Development agencies in the Global North generally profess a strong commitment to LGBTQ+ rights.[7]“Sexual Orientation and Gender Identity SOGI”, Council of Europe: https://www.coe.int/en/web/sogi In practice, this is seldom apparent in programme selection or implementation. In general, LGBTQ+ issues are not viewed as a priority for donor governments, irrespective of their social commitments domestically or the emergence of inclusive foreign policy agendas. Regrettably, prejudice or misunderstanding among staff and personnel within implementing organisations and donor agencies and a limited awareness of LGBTQ+ issues in general are sometimes barriers to the effective prioritisation of these issues.[8]“Avenues for Donors to Promote Sexuality and Gender Justice”. Institute of Development Studies (2016): https://rb.gy/y0ogc5 The potential for controversy in some settings, including Syria, only increases donors’ reluctance to engage. To the limited extent they are operationalised at all, LGBTQ+ concerns are often retrofitted onto an existing portfolio, and they therefore lack the strategic foresight needed to create lasting change. While there are important steps to be made in the mainstreaming of LGBTQ+ concerns across sectors in Syria and elsewhere, more can be done for context-sensitive implementation. Current approaches in public health, for instance, have often been simplistic and superficial, and LGBTQ+ programmes largely cater to the perceived sexual and public health needs of men who have sex with men, to the exclusion of other beneficiaries.[9]Amy Lind, “Development, Sexual Rights and Global Governance”. Routledge (2010): … Continue reading

In Aid Work, Money is the Measure of All Things

To the extent that funding reflects donor priorities, a failure to engage in LGBTQ+ programming is evident. Nowhere is this lack of funding more acute than in the Middle East. The 2017-2018 Global Resources Report, published by Funders for LGBTQ+ Issues and the Global Philanthropy Project, found that just 0.04% of international development aid — and 0.31% of grants by private foundations — targeted LGBTQ+ issues and beneficiaries globally.[10]“2017-2018 Global Resources Report: Government and Philanthropic Support for Lesbian, Gay, Bisexual, Transgender, and Intersex Communities”. Global Philanthropy Project GPP and Funders for LGBTQ … Continue reading The funding shortfall was especially visible in the MENA region, where the report identified a mere $7.2 million allocated for LGBTQ+ donor support in the 2017-2018 period, the most recent period to have been studied. In the MENA region, this lack of funding has been attributed both to donors’ prioritisation of other issues, as well as a general perception that advancing such issues is too difficult in a region marked by explicit governmental and social hostility to LGBTQ+ populations. These conditions should not be seen as a stop sign preventing LGBTQ+ aid work, but they should prompt reflection. Activities targeting LGBTQ+ populations may require more effective mainstreaming and creative design and targeting criteria to avoid attracting unwanted attention from authorities, or potentially hostile elements of the broader community.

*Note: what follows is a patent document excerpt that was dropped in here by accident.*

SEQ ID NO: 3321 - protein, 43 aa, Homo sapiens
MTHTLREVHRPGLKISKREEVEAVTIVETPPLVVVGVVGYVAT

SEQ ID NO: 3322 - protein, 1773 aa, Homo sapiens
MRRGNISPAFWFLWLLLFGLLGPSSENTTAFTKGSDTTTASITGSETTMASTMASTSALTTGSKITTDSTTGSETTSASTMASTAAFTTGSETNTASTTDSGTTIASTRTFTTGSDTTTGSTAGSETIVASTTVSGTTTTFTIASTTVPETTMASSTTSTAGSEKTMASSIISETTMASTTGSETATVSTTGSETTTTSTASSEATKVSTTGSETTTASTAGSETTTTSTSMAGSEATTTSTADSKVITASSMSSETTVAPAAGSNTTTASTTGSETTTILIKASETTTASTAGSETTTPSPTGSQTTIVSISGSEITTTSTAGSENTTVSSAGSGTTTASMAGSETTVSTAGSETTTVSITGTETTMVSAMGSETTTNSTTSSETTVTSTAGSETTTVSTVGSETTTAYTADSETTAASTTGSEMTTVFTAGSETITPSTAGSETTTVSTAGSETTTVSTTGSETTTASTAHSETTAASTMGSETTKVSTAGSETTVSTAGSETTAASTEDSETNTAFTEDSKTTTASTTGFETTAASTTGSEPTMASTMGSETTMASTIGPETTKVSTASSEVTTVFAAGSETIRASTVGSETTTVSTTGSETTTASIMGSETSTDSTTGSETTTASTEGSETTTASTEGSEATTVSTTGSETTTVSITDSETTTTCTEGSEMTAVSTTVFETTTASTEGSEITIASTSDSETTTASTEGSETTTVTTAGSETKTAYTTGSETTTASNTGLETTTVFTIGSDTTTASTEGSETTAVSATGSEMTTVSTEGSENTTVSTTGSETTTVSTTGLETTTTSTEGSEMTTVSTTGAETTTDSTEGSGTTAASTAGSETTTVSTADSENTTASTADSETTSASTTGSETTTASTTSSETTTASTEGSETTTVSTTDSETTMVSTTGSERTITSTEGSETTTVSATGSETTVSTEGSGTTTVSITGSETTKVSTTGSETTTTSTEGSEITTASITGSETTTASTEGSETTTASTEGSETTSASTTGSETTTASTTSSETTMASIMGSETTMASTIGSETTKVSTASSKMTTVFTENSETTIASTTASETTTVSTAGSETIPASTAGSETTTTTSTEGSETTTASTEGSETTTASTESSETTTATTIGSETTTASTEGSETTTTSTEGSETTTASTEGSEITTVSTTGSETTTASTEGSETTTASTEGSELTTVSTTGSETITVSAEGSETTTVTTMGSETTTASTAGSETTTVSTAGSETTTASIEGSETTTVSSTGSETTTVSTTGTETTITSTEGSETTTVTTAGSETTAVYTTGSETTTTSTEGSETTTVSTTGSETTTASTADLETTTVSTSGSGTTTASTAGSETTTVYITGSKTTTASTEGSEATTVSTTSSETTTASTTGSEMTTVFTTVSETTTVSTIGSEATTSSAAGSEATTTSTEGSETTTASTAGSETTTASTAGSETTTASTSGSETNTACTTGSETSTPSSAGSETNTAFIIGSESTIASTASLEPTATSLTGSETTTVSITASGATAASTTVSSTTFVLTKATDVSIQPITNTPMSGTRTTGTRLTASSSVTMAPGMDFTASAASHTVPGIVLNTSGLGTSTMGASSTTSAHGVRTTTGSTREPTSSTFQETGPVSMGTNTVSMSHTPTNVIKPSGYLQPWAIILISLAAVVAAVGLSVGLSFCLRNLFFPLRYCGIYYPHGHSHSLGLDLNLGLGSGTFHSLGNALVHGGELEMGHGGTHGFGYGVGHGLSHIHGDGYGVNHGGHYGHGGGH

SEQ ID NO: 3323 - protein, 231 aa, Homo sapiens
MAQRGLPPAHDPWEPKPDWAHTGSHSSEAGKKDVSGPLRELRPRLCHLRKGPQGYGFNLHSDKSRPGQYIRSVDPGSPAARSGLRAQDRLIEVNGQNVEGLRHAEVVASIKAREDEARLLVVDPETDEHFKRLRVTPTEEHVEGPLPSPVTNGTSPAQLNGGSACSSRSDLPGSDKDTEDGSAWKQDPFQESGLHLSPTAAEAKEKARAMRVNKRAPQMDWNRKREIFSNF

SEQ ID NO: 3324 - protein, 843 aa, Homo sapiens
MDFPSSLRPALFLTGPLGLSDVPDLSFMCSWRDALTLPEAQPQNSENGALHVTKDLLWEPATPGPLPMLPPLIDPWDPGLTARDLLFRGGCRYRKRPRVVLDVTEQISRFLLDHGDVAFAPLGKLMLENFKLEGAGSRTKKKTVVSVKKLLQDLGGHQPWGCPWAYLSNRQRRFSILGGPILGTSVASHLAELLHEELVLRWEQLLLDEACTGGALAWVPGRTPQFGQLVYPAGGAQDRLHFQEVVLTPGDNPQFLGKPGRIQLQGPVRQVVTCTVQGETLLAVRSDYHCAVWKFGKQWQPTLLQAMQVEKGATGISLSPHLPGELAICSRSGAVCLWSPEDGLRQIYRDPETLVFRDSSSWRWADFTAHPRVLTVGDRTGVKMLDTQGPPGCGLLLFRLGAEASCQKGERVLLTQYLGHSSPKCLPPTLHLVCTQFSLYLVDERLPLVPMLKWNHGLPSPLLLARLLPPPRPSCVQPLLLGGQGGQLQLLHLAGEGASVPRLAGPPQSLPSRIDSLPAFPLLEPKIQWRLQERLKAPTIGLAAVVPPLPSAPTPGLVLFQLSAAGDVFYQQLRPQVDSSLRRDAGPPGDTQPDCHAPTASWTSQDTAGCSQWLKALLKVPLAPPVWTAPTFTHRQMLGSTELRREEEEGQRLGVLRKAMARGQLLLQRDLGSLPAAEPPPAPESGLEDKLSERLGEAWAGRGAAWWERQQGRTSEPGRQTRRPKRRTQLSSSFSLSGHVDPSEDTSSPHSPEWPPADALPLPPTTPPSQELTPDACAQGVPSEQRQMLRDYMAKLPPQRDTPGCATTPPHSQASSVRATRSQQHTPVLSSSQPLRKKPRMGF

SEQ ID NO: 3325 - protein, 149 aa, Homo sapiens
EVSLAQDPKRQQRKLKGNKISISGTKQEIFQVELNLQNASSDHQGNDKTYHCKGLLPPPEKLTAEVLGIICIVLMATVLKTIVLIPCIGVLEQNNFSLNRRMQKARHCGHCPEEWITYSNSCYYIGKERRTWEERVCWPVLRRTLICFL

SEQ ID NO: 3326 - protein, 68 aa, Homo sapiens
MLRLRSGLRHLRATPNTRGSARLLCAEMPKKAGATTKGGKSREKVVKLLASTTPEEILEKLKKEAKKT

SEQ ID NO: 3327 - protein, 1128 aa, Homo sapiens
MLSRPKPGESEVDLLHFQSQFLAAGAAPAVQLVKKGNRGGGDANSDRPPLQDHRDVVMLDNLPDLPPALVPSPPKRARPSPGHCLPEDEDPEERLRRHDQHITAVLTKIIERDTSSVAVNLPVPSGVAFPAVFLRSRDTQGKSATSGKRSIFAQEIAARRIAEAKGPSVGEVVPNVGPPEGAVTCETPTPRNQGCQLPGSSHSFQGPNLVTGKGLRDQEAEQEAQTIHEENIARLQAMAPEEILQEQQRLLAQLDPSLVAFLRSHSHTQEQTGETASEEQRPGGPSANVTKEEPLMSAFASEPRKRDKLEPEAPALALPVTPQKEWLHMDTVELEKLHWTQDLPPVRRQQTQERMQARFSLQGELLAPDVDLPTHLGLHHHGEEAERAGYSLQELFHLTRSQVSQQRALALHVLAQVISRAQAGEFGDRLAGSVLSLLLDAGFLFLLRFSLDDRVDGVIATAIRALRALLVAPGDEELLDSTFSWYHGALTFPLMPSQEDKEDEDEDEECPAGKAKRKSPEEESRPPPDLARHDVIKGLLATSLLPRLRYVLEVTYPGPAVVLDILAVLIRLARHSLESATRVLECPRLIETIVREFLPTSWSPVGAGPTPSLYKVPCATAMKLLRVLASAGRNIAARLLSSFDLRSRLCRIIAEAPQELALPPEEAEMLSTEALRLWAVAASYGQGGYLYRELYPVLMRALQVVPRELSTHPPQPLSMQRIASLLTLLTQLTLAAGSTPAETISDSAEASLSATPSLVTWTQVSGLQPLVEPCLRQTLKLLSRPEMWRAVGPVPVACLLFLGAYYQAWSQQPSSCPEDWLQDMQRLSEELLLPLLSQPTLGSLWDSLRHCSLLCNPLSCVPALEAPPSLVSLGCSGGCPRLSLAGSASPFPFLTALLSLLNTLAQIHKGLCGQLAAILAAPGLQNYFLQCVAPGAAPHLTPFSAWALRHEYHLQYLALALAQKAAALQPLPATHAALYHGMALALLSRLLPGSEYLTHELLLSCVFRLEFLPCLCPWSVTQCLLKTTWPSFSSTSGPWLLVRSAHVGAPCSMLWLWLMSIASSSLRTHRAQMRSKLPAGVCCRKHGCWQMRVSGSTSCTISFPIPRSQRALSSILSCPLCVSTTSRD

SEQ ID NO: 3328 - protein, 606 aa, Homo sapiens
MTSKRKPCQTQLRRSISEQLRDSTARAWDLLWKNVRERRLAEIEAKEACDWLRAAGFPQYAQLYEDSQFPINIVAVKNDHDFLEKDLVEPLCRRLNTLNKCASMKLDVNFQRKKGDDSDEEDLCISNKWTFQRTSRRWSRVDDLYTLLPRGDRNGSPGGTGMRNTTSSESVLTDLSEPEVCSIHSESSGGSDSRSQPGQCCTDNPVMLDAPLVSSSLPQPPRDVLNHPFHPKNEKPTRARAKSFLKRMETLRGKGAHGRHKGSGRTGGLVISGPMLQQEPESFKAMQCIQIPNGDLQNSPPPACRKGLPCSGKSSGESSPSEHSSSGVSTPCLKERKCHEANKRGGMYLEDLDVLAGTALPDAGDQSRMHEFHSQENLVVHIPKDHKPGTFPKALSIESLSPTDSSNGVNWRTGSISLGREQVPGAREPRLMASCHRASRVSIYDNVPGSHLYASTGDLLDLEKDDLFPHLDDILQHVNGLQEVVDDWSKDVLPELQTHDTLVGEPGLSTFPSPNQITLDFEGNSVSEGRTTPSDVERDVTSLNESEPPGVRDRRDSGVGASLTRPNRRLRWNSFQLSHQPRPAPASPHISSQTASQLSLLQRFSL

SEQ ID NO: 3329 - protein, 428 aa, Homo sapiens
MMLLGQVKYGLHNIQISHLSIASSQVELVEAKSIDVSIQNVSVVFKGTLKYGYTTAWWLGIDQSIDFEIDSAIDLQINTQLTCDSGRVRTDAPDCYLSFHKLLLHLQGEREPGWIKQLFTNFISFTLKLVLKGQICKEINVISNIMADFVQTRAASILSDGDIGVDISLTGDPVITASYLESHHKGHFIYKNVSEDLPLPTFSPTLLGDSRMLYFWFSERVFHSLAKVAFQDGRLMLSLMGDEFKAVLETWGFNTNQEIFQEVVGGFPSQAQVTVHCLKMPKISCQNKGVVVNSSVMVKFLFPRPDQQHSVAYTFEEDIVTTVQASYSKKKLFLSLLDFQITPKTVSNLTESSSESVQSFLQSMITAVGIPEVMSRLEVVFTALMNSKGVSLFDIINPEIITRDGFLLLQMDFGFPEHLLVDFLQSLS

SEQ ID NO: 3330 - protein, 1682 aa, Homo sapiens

Authoritarian Context: LGBTQ+ Empowerment and Civil Society Space

Strict limitations on LGBTQ+ communities in Syria and the region are emblematic of a broader system of laws impeding civil society development. In this respect, empowering and expanding civil society itself is likely a necessary step in the empowerment of LGBTQ+ advocates. Donors seeking advancement on LGBTQ+ issues must therefore grapple with inter-related civil society objectives. Across the region, as in Syria, independent civil society organisations remain at risk of repression or co-optation, as powerbrokers insist on their monopoly not only over formal political power, but also of ideas (see: Function Over Form: Rethinking Civil Society in Government-held Syria).[11]“State of Civil Society Report 2016 – Executive Summary”. CIVICUS (2016): http://www.civicus.org/images/documents/SOCS2016/summaries/State-of-Civil-Society-Report-2016_Exec-Summary.pdf